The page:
Let's breed bliss.
We hold these truths to be self-evident:
We are taught to reject ourselves by others who have rejected themselves before us. We agree to their beliefs before we are experienced enough to develop our own, or to understand that we have no need for beliefs. We hear a lot of "no" as we grow up, most if not all of which come from fears we do not share.
As we learn to reject ourselves and deny our instincts and intuitions to love and play and connect, we develop mental characters who continually judge and blame and shame us for our actions. We develop a victim within who accepts these judgments, this blame and shame. The victim within seeks praise and success and progress to balance the scales of judgment. This balancing act often distracts us from becoming who we are. It keeps us wrapped up and rapt in samsara—the cycle of birth and death. We become hopeless, trapped in inward spirals of self-rejection, seeking reprieve, solace, privacy, peace.
The cure for self-rejection is acceptance: inward, outward, wide, and deep. If we first accept our innate ignorance, and do not fear it, we have no need for beliefs to mask and spackle the gaps in our understanding of who we are, how we got here, or what to do about it. Acceptance sweeps away judgment, blame and praise, shame and regret, hatred and longing.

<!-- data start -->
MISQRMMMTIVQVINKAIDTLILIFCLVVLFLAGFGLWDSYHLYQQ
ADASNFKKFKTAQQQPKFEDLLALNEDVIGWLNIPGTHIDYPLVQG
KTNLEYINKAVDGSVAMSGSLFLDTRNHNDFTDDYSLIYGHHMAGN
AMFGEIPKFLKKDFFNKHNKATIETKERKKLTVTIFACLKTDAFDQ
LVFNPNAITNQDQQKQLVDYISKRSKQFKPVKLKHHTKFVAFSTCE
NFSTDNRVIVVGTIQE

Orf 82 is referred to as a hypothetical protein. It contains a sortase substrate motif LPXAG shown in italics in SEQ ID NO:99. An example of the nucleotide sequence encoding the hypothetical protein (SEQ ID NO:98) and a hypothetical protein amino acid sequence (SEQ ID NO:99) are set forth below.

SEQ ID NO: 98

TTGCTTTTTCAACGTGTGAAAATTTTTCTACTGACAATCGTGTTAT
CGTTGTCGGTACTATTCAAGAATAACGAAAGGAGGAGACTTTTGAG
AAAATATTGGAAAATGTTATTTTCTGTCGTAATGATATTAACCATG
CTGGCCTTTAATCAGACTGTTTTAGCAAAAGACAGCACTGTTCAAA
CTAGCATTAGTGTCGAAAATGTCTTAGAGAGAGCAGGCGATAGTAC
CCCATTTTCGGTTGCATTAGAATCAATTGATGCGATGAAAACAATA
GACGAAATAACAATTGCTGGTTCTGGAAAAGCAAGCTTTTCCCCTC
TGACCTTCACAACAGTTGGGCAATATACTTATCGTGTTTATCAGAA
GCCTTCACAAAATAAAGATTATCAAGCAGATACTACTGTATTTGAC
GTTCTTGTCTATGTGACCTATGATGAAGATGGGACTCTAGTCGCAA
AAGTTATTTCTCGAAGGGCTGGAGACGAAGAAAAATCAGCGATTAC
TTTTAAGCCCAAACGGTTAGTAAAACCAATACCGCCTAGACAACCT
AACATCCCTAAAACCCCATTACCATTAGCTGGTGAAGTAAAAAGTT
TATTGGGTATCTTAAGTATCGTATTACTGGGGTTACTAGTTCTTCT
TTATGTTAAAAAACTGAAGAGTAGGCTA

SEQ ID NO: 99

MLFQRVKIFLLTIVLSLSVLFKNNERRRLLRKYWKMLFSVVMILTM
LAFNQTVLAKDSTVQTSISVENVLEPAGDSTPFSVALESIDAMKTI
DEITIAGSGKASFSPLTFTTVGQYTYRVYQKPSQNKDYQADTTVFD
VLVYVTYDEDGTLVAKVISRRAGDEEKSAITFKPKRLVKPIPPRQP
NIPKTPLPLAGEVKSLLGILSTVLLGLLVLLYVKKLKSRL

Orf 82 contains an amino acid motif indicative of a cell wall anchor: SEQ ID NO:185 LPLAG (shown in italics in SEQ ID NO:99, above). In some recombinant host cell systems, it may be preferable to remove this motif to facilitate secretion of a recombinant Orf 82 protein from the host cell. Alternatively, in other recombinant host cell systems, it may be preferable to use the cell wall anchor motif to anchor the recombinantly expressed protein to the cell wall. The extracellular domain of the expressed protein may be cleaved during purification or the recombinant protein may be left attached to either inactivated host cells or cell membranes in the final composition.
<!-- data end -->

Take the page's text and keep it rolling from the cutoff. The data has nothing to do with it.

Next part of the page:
Acceptance primes us for bliss and fuels the love we crave to share.
We live here and now, always have, always will. We have never experienced tomorrow or yesterday, only today. We have never been elsewhere.
And yet our minds are capable of transporting us through space and time to past and future moments near and far. We imagine myriad other moments, circumstances, situations, and possible events, ostensibly with the goal of becoming happier, healthier, or better. We build expectations for moments to come that rarely if ever are fulfilled. We drag around doubts and worries woven of the splintered fibers of unmet expectations; we tow weighty, abrasive tapestries of disappointment.
If we can agree that bliss is our aim, can we then ask whether these exercises in spacetime travel serve us? When has worry or hurry brought us closer to bliss? When has an expectation enhanced your enjoyment of any moment? I come up empty on this line of inquiry.
Here we are: ignorant, spun of love, alone together, experiencing this moment from innumerable aspects at once, yet only aware of the one perspective that is uniquely yours or mine.